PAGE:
“I’m more concerned with doing what I believe to be right than necessarily representing the rights of the majority,” she said.

Doug McGetchin, director of Peace Studies, shared concern for the people of the FAU.

“[The prison industry] is an industry that targets our students. Do we as a university community want to associate with this company?” he said.

It appeared unclear whether FAU had received other offers to name the stadium. Tom Monson, psychology professor and faculty senator, asked about this.

“I’m the director of the Foundation, and I don’t know,” McDaniel responded. According to FAU’s website, McDaniel is an ex-officio member of the FAU Foundation Board.

Eric Shaw, a member of the steering committee which is a group that manages organization projects, questioned the documentation court cases involving the GEO Group as the defendant in human rights violations, such as sexual misconduct and mistreatment of detainees in GEO Group operated facilities, that he has seen being passed around on campus by faculty and students.

These documents came from outsides sources, such as the United States Department of Justice, the executive branch department responsible for the administration of law and justice, and the Occupational Safety and Health Administration (OSHA), which helps employers and employees promote injury-free work environments.

“All the sheets [of paper] that get passed around that claim to be documentation, all they are is allegations,” Shaw said. Shaw went on to say that the documentation being passed around campus may not be real cases, and that they cover issues most of the faculty are unfamiliar with.

GEO Group has been the defendant in over 100 lawsuits in the past seven years.

“The only one that I have seen that really represents something substantiated is the [Walnut] Grove issue, and GEO says they didn’t control it long enough,” Shaw said.

The U.S. Department of Justice investigated GEO Group’s Walnut Grove facility. The staff had been charged with illegal drug distribution and sexual misconduct with juvenile inmates, according the UP’s previous report. GEO Group controlled the Walnut Grove facility for two years. The U.S. Department of Justice found that no improvements had been made and accused the GEO Group of “deliberate indifference,” according to lawsuits filed against the prison company.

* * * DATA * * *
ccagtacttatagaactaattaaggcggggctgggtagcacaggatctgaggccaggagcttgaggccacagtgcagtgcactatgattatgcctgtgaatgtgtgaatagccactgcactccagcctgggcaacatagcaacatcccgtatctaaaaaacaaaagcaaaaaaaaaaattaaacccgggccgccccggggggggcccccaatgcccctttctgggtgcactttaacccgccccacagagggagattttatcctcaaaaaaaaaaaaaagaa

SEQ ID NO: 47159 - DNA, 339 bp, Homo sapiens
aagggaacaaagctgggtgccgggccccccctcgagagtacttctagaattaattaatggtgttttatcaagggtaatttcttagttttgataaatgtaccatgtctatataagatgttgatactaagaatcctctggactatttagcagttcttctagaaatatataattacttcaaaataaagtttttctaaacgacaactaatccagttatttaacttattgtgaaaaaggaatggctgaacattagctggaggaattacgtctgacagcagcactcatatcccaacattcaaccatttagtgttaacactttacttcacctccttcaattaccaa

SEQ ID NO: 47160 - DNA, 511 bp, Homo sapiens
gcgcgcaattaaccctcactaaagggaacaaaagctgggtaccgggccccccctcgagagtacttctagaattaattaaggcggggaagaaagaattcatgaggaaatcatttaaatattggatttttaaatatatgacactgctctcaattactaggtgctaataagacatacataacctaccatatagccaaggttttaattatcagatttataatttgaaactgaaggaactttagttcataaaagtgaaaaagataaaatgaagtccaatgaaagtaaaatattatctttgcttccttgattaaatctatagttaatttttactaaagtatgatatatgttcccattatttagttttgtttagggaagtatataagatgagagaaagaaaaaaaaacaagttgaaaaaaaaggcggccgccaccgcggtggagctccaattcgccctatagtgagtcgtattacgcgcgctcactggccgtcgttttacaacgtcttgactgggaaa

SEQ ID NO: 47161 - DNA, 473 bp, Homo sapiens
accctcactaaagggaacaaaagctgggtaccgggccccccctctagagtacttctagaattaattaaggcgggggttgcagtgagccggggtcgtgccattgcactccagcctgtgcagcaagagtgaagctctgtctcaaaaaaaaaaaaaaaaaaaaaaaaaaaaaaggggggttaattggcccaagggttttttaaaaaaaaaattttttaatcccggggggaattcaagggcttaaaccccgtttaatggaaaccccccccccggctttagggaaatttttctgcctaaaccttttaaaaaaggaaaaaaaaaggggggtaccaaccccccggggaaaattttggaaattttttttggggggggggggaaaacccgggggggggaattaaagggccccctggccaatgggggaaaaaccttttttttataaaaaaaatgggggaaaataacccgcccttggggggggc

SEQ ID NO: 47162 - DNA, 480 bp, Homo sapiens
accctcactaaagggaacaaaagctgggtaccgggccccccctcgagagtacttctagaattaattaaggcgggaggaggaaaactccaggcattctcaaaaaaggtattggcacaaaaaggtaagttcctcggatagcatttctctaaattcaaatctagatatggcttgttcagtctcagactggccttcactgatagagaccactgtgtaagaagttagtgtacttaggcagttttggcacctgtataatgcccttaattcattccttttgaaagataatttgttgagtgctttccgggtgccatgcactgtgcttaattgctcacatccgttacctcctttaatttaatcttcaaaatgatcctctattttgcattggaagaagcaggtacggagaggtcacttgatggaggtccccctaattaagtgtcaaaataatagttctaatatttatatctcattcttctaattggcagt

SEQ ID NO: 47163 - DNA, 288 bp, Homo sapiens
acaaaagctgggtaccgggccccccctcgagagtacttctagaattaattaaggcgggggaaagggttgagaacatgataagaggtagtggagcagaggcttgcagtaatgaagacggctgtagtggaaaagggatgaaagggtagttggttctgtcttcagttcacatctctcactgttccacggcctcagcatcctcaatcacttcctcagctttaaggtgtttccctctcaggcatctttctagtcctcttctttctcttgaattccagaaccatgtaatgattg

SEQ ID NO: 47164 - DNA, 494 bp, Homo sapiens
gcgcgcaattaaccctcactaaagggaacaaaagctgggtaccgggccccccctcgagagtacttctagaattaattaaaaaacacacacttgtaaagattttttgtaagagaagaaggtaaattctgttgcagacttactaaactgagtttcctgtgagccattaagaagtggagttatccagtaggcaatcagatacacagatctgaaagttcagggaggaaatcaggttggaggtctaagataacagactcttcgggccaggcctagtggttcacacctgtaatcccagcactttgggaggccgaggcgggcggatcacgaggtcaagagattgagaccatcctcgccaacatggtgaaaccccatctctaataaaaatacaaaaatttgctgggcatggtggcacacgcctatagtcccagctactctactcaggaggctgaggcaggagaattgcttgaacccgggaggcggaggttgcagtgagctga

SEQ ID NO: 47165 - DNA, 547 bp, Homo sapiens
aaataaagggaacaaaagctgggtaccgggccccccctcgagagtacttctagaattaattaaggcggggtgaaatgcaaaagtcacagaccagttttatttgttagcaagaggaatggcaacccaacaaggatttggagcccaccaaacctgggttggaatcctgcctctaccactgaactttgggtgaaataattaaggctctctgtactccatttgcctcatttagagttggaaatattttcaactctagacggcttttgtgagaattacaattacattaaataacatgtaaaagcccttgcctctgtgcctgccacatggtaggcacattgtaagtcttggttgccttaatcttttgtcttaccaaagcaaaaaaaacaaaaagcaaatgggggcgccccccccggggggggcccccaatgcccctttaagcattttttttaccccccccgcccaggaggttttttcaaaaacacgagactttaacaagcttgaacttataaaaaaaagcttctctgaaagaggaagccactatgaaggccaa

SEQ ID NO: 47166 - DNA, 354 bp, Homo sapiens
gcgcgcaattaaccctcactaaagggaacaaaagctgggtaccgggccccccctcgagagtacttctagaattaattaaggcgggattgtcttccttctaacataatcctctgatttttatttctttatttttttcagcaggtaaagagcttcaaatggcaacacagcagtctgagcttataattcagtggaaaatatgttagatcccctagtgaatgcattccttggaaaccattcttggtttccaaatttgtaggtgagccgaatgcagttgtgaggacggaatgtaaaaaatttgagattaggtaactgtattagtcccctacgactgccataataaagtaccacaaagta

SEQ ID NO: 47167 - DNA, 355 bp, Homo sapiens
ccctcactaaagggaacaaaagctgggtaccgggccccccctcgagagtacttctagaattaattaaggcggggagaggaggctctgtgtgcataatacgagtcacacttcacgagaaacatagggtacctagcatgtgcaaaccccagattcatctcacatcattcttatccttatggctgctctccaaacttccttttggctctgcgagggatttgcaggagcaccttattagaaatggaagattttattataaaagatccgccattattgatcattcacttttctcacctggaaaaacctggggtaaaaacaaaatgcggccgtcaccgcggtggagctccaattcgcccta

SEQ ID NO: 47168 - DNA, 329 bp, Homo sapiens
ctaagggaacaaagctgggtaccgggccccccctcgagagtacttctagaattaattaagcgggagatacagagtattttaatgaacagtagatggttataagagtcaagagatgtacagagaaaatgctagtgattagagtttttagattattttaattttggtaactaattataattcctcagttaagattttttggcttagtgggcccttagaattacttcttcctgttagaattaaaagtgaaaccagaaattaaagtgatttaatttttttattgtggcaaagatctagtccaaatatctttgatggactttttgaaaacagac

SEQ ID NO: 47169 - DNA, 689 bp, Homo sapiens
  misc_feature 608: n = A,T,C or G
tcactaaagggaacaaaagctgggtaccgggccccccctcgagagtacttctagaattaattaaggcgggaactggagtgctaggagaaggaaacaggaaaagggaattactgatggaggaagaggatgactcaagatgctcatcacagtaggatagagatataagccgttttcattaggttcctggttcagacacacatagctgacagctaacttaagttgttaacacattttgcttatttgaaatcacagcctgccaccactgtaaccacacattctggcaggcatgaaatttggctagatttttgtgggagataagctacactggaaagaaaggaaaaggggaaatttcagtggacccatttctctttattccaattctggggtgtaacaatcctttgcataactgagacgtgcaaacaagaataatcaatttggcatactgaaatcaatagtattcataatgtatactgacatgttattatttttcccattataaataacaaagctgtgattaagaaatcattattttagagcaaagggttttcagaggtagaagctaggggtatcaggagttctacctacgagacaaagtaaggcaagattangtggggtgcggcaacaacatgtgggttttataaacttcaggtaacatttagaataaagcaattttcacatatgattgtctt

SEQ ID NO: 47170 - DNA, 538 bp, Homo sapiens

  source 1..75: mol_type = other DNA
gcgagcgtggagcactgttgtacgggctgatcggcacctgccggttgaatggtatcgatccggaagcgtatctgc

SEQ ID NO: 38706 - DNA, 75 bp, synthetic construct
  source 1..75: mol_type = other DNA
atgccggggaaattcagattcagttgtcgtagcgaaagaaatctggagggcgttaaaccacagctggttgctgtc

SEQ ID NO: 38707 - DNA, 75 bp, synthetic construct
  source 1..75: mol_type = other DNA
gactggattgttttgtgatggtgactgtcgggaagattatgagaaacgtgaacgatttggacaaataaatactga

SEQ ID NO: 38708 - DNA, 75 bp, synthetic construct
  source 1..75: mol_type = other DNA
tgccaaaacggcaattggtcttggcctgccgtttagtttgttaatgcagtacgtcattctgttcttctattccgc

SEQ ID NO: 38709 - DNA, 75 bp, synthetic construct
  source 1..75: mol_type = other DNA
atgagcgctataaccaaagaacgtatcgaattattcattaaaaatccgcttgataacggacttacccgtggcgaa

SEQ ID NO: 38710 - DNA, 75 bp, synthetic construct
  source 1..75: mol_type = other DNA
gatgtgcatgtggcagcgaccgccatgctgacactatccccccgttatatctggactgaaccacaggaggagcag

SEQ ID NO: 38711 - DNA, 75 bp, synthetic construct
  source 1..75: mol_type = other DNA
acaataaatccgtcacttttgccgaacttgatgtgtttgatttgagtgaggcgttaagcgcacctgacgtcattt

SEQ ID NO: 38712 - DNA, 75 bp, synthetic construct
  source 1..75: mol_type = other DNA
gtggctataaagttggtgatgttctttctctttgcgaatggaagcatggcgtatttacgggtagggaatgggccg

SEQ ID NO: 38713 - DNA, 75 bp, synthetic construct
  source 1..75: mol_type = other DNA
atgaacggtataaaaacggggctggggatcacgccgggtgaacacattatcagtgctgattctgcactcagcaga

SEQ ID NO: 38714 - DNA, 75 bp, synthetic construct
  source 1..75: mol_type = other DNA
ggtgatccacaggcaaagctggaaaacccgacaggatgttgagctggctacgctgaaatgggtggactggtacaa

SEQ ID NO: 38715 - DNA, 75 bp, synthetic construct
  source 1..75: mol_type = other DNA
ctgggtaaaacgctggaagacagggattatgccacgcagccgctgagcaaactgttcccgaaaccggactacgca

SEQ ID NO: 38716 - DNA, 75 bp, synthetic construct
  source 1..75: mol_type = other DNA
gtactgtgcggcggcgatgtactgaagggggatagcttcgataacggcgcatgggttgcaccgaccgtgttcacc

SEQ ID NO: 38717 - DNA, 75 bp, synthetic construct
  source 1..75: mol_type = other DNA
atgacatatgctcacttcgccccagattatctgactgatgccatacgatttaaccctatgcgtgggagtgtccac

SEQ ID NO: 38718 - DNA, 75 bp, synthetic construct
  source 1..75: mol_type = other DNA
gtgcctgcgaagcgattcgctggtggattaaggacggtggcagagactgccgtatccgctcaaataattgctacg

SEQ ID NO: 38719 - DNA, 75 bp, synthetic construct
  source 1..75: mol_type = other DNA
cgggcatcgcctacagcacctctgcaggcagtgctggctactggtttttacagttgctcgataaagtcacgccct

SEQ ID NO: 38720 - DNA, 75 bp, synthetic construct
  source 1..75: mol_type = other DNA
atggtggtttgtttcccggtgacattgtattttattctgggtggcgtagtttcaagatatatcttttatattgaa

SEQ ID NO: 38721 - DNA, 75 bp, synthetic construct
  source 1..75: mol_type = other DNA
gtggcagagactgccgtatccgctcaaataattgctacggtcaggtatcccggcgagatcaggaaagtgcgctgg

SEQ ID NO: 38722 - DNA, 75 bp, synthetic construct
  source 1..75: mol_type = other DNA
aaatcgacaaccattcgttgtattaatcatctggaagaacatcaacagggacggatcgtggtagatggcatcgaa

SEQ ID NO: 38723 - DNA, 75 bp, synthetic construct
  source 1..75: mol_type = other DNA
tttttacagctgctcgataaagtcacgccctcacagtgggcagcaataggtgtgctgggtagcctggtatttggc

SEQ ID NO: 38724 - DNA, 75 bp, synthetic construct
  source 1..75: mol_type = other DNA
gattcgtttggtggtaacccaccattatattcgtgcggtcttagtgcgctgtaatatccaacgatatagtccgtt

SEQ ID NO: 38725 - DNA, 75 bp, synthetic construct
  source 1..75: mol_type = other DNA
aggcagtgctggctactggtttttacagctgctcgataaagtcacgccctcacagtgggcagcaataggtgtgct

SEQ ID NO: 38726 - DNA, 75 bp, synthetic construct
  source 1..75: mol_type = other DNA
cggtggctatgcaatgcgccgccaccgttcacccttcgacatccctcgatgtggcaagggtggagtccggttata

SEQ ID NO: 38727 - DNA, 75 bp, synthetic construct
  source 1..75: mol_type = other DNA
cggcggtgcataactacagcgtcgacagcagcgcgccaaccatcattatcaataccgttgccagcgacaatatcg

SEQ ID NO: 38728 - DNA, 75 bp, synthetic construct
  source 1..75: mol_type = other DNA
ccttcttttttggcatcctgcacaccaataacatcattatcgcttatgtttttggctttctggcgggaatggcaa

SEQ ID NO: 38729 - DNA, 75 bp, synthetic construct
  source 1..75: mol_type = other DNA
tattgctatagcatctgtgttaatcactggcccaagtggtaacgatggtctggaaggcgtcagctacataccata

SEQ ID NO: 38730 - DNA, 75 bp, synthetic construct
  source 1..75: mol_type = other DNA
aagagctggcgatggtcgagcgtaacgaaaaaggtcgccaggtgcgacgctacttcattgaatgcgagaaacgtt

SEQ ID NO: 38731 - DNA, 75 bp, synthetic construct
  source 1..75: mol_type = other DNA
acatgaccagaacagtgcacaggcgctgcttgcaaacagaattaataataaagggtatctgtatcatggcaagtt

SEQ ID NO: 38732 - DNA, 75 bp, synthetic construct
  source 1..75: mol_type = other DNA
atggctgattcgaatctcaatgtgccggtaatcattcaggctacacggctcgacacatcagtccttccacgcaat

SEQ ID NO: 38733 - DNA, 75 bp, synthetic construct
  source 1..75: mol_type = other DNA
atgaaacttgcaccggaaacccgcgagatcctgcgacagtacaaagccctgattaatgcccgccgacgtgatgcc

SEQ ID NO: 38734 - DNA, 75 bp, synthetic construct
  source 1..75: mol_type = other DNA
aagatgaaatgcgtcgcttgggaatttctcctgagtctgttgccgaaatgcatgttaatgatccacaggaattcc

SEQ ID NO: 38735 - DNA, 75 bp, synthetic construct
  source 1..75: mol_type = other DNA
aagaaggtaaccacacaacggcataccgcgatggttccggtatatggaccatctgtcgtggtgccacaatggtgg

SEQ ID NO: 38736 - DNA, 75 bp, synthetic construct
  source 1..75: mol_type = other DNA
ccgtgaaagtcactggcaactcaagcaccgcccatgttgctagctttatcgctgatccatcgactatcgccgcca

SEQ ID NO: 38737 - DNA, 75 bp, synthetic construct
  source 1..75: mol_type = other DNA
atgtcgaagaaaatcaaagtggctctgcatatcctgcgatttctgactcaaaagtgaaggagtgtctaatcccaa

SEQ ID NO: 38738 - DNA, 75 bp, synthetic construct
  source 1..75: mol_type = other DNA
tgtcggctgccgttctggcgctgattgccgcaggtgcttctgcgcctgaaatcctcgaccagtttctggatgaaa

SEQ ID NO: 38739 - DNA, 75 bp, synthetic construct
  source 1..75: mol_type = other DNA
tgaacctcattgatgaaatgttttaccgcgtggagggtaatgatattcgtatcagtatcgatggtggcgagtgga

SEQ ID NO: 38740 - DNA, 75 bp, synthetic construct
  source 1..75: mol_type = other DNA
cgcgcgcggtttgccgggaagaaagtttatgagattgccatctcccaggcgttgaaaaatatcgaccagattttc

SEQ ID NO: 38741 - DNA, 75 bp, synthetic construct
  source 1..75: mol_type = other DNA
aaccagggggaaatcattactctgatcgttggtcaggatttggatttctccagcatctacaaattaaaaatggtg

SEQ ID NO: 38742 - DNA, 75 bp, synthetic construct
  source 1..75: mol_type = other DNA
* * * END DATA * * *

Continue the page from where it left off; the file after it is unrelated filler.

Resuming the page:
Commotion immediately filled the room following Shaw’s statement. Meredith Mountford, senate member and professor of educational leadership, rose from the front row and tried handing Shaw a pamphlet compiled by faculty members including information on the GEO Group’s lawsuits and allegations.

“That’s an 8 ½ by 11 sheet of paper, that is not documentation,” Shaw said refusing to take the pamphlet.

Mountford responded, “This is, this is. This is done by faculty at the — ” until she was cut off.

“Out of order,” McDaniel said shouted. Shaw continued speaking.

Michelle Hawkins, senate member of the School of Social Work, spoke of her concern for the United States’ justice system and her desire to improve it.

“If you look at social change in the history of the world, most of it has come from within. And by our walking away, we are walking away from making change,” she said.

Rose Cadence, director of the Center for Holocaust and Human Rights Education, responded to Hawkins.

Cadence compared the situation to “professors in Communist countries who did not stand up for the human rights of their colleagues and for other people in their society who were not just abused, but killed en masse.” She said we are sinking down to the same level by having this discussion.

John Valentine, management member, provided a different perspective, questioning whether or not the faculty voice will be heard.

“I don’t really care if the stadium’s named GEO Stadium, or Red Sox Stadium, or Redneck Stadium,” he said. “In response to the question, ‘Does faculty opinion taking a stance mean anything, does it change anything?’ I would just ask does changing the public, the national public, affect it?”

George Zoley, the CEO of GEO Group, was on the presidential search committee for Saunders in 2010 and is a member of the FAU Foundation Board of Directors. The appearance of the relationship between FAU and GEO Group is the concern, according to Lenz.